Policymakers would do well to keep in mind a couple of universal truths when preparing to embark upon fundamental changes to long-standing programs and entrenched policies, such as creating personal retirement accounts and simplifying the federal tax code. One such truth is: What we don't know usually doesn't harm us nearly as much as what we think we know that isn't true.
Nowhere is this more evident than where debt, deficits and the dollar are concerned.
An entire belief structure, completely at odds with empirical evidence, has arisen about how debt, deficits and the value of the dollar affect the economy. The belief structure, which prescribes high taxes and floating currencies, was concocted by neo-Keynesian economists and popularized by pundits, politicians and Wall Street participants who scavenge academic scribbling in search of theological support for their own financial interests or political ideologies.
This economic belief structure about debt, deficits and the dollar - call it "3-D economics" - is grounded in two illusions: First, it believes a currency is just another commodity, and its value is set by foreign exchange markets according to the forces of supply and demand. As a Wall Street Journal editorial recently pointed out, however, "A currency isn't just another commodity, like wheat or copper." The dollar is a measure of value not intrinsically valuable itself.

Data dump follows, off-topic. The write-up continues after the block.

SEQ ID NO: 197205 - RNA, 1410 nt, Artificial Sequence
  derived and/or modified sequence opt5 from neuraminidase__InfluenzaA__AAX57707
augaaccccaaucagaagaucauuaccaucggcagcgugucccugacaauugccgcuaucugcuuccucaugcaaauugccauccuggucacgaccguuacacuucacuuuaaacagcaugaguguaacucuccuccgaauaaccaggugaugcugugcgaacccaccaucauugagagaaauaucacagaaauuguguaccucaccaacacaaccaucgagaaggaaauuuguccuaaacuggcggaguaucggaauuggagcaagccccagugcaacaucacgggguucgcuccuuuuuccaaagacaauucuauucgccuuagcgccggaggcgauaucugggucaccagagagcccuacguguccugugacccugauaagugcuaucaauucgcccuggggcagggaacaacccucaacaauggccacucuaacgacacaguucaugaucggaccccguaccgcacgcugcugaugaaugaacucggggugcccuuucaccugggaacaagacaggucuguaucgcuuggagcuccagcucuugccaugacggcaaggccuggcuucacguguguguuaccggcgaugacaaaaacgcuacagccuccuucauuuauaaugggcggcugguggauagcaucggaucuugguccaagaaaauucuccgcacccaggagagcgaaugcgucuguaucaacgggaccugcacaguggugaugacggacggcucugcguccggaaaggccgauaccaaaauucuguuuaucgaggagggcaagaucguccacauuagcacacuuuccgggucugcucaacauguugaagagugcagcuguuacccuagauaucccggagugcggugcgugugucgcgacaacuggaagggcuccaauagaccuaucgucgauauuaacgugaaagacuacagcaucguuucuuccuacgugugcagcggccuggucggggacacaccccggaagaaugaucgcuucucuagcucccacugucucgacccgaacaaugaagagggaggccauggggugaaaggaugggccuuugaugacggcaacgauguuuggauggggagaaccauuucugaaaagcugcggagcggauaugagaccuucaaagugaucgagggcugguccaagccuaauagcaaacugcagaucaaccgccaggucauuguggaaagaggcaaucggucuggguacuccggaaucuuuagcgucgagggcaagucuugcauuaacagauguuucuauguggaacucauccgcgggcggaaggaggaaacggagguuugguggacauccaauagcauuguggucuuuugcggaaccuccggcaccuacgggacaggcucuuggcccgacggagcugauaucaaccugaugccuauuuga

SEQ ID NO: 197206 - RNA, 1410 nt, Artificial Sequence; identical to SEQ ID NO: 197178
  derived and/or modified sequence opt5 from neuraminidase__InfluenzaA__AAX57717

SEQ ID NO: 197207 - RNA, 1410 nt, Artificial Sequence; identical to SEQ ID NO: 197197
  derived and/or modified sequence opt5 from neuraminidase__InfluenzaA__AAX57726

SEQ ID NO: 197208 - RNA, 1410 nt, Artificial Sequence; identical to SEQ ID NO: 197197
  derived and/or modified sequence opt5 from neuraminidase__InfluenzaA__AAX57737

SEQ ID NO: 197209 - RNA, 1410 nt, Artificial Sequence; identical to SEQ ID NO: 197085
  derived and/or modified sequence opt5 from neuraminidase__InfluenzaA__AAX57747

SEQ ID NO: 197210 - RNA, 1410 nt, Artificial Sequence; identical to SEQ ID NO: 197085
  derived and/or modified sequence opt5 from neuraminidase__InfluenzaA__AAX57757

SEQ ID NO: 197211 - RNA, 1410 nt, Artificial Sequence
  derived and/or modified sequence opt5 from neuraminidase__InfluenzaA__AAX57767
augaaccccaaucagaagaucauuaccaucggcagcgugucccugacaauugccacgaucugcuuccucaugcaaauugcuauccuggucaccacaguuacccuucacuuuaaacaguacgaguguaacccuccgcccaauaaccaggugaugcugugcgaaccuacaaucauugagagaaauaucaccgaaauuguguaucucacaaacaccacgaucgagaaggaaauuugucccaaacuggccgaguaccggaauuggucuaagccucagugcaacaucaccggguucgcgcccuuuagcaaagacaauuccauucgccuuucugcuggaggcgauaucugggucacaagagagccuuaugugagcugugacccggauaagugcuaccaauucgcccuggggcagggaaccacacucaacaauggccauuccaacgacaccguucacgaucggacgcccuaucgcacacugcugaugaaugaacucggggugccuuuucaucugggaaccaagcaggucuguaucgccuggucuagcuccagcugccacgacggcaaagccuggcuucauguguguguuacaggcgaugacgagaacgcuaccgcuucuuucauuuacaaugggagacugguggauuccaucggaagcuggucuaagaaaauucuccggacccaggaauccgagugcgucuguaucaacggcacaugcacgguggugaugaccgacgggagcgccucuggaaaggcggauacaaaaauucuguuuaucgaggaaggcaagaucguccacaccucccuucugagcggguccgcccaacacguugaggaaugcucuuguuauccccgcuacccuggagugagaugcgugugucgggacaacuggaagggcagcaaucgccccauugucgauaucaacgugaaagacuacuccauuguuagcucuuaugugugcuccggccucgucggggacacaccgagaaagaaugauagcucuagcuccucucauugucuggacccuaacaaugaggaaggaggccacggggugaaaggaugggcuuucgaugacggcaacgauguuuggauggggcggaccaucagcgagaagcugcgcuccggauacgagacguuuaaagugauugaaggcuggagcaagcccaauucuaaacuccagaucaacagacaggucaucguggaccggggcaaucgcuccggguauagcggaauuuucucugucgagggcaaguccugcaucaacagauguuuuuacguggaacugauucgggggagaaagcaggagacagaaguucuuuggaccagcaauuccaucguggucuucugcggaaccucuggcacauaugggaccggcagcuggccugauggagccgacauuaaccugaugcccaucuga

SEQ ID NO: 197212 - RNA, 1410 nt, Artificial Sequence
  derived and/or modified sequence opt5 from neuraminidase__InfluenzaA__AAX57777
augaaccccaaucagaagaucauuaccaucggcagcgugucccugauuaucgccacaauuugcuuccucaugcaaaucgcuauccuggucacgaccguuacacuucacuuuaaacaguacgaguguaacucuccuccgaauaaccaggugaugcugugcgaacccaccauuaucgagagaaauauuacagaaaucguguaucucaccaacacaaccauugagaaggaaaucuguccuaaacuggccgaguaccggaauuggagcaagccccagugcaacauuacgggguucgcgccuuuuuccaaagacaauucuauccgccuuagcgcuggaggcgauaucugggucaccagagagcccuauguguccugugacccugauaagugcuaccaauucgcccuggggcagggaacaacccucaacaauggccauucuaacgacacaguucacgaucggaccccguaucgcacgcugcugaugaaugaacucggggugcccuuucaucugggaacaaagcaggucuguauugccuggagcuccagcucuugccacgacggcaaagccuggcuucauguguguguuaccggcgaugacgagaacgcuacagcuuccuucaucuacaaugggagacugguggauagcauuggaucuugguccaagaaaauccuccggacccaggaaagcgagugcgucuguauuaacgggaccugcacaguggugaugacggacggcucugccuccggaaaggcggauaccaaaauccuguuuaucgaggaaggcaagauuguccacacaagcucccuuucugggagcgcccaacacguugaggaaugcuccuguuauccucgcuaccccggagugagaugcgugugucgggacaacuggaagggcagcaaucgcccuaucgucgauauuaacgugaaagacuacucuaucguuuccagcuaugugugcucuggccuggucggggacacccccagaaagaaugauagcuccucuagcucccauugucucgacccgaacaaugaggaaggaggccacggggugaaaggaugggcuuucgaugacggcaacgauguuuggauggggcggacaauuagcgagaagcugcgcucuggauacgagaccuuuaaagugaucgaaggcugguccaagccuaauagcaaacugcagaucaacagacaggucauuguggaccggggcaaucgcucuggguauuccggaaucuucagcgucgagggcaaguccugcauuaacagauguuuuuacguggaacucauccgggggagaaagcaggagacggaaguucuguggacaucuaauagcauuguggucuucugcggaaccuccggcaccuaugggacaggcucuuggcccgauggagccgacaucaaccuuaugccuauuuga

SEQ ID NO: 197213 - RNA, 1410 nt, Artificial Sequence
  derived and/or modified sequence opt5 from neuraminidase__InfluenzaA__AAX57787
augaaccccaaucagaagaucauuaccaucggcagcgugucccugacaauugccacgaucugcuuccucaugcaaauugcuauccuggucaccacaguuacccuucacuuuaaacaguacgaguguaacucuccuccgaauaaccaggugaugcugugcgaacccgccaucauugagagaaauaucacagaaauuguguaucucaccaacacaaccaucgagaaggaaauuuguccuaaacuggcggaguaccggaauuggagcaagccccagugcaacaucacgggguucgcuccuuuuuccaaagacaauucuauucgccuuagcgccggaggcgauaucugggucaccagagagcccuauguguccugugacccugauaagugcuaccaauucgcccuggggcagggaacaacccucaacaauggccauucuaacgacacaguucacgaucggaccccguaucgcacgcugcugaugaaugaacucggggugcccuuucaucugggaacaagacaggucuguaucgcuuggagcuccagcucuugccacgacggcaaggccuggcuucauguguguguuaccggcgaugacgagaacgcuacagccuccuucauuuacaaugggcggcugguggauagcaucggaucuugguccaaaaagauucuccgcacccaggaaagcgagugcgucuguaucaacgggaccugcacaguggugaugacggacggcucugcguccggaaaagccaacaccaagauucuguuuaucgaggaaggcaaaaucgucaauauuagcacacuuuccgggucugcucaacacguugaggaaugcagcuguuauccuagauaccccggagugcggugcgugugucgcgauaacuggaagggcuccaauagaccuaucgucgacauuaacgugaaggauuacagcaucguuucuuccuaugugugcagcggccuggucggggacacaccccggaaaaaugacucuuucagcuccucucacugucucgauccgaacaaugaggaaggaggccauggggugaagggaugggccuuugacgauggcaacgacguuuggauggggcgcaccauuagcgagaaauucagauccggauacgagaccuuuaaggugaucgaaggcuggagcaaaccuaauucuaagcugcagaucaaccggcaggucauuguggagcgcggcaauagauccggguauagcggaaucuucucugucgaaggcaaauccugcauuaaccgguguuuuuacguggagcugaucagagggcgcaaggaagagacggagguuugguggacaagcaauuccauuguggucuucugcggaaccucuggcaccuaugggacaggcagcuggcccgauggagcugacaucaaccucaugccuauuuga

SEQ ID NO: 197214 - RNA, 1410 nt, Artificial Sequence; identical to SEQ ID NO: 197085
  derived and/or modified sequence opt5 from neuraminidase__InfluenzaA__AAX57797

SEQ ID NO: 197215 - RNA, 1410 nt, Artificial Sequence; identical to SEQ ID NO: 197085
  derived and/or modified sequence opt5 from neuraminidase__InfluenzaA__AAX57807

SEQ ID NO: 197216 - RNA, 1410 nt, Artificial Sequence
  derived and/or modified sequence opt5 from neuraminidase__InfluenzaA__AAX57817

The dollar is a unit of measure - a numeraire - and the currency, when calibrated against this unit of measure, provides a store of value. Foreign exchange markets merely reflect the changes in demand for a currency, the supply of which is established by central banks, in our case the Fed, which has monopoly power over the issuance of fiat U.S. dollars.
Shrinking demand for the dollar manifested in a falling foreign-exchange rate can be one indirect signal that the central bank is running too loose a monetary policy, generating inflation and depreciating the dollar's value. However, since the Fed has this monopoly power over the issuance of our fiat currency, only the Fed can alter the supply of dollars and ultimately the dollar's value. It is impossible for government to correct the monetary error or rectify the declining economic competitiveness emanating from the error by manipulating foreign exchange markets (whether by word or deed), by raising taxes or by any other fiscal policy.